I read that "a good programmer is worth 5 or 10 bad programmers". I find that likely. Solutions to programming problems very often differ in orders of magnitude. I don't know if I'm a good programmer or not. I'd guess probably average. But how can you really tell if someone is a good programmer or bad?
There are things that scream "I'm a bad programmer!" of course. Copy/pasted code. A constant brute force approach to every problem. Reinvention of various wheels. But what screams "I'm a good programmer"?
I don't think you can judge just by looking at whether a program works or not. It's possible to write something that works, but has horrible source code. Though pretty source code that doesn't work is just as worthless. You can't always judge by how quickly a programmer solves a problem either. Sometimes it's better to take your time and do things right the first time; a wise investment of time now will save you more time in the long run. But a programmer who never ever finishes their program is actually in many ways worse than not having any programmer at all. (For example, if you're paying the programmer.)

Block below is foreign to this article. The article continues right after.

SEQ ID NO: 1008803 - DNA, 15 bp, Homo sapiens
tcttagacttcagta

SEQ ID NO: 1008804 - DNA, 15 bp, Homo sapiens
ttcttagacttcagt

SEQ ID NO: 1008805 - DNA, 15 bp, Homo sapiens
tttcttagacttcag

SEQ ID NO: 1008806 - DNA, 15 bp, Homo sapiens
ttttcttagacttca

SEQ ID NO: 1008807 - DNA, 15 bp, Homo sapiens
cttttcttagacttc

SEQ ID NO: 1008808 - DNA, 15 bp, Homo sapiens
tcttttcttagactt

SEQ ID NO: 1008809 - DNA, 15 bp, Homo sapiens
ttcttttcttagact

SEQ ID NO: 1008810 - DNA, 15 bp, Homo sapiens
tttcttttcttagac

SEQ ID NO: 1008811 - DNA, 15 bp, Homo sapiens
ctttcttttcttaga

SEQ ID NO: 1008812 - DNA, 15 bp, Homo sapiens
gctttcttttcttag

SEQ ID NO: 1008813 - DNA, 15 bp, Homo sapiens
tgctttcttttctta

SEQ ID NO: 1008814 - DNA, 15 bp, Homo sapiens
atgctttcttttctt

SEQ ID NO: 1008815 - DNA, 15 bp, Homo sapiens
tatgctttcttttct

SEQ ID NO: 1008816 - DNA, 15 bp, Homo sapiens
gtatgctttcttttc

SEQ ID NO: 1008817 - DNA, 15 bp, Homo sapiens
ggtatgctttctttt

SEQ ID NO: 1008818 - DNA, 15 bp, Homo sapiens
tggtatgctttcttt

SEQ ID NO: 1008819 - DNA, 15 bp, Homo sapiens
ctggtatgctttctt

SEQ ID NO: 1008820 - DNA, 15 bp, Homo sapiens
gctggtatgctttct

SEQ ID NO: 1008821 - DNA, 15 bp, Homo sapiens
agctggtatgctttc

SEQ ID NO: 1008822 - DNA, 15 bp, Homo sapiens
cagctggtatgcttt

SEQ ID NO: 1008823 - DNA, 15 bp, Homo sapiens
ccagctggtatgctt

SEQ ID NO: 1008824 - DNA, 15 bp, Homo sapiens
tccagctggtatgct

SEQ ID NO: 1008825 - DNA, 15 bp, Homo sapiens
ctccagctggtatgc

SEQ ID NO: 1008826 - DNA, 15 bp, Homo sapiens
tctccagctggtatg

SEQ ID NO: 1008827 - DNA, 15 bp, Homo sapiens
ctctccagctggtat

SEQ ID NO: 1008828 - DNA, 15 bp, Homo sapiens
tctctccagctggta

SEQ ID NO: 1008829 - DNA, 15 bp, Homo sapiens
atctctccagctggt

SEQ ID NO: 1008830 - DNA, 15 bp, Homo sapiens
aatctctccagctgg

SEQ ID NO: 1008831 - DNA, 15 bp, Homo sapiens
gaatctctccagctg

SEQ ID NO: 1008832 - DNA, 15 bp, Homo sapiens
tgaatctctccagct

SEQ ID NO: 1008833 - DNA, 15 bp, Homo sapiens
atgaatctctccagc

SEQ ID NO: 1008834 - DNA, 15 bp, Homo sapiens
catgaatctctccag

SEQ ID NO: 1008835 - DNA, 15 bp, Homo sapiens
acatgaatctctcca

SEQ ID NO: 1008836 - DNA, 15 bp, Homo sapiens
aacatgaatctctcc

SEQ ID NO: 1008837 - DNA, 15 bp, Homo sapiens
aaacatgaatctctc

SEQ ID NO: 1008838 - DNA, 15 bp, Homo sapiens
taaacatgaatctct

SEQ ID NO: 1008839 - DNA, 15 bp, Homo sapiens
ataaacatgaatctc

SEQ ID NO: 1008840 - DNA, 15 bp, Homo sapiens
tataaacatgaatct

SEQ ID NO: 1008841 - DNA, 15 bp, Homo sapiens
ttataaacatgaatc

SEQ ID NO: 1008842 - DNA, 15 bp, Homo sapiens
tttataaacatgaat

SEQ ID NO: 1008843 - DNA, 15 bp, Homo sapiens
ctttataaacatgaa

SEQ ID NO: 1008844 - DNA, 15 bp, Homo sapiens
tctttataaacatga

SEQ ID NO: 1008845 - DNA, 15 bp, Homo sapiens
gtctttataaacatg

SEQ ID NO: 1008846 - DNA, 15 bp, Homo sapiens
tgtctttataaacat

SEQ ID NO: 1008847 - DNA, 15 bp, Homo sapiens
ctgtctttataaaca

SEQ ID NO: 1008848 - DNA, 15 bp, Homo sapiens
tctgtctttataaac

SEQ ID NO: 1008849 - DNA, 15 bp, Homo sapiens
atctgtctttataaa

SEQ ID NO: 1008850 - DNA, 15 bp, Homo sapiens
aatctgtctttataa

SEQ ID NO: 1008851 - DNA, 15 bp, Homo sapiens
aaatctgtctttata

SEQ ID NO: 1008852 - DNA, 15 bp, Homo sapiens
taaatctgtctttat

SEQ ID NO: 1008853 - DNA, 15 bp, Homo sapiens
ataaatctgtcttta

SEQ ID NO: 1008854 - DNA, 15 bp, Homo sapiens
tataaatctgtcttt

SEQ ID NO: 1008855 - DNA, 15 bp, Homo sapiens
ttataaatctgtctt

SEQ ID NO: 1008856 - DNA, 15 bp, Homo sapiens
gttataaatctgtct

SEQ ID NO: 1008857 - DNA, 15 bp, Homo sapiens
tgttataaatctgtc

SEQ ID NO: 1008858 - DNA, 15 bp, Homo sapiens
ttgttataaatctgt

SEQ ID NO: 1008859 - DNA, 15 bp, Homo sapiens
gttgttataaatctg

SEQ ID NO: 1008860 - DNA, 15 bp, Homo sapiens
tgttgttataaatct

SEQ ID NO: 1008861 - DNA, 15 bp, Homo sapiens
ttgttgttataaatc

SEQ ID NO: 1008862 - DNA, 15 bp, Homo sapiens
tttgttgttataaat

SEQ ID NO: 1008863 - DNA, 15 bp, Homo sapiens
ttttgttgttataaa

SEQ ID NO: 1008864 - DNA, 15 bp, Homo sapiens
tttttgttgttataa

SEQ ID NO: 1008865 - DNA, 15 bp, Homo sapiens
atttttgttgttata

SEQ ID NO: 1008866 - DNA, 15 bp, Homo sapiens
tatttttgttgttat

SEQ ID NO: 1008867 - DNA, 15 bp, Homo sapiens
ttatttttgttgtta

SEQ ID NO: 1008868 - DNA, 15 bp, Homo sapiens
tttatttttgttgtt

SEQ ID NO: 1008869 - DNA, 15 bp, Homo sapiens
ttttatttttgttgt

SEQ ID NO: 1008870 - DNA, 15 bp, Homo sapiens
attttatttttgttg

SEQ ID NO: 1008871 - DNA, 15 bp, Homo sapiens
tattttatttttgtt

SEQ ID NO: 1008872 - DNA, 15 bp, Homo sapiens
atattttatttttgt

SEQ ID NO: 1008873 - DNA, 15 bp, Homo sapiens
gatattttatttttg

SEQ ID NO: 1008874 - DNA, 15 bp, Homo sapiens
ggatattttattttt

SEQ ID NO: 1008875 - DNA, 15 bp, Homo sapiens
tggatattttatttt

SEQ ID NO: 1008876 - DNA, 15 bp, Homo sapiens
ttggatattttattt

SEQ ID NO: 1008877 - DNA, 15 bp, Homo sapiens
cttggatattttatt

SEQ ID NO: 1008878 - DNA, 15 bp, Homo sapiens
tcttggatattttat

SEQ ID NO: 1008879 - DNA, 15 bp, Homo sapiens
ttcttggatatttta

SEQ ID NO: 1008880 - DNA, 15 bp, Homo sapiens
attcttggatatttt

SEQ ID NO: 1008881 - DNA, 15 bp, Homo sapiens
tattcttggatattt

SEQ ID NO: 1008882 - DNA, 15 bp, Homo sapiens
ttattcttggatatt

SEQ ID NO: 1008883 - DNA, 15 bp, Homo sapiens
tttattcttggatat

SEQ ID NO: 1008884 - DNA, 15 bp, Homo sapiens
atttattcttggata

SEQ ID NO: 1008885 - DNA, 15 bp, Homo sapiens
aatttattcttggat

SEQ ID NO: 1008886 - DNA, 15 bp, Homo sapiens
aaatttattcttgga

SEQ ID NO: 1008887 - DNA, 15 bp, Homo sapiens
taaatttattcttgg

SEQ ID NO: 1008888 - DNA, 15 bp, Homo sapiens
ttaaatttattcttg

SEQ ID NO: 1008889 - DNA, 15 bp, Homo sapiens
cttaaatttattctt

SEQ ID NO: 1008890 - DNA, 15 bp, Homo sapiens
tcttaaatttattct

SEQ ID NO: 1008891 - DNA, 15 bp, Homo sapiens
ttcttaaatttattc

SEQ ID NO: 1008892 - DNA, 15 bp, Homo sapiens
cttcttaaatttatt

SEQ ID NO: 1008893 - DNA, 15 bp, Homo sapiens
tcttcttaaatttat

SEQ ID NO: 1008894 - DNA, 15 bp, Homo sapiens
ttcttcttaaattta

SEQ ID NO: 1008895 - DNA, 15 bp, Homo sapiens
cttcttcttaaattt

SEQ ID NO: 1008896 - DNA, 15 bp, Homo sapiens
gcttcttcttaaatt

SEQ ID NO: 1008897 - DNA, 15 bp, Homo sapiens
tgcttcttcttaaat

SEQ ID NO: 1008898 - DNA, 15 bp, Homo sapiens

The answer I suppose is that it depends on what your goals are. A good programmer is someone who can satisfy whatever goals you currently have to the best extent. Such an unsatisfying answer though. I'd rather there was some objective standard. Programmers should be assigned a numerical value to indicate their degree of mastery. Someone needs to get working on that.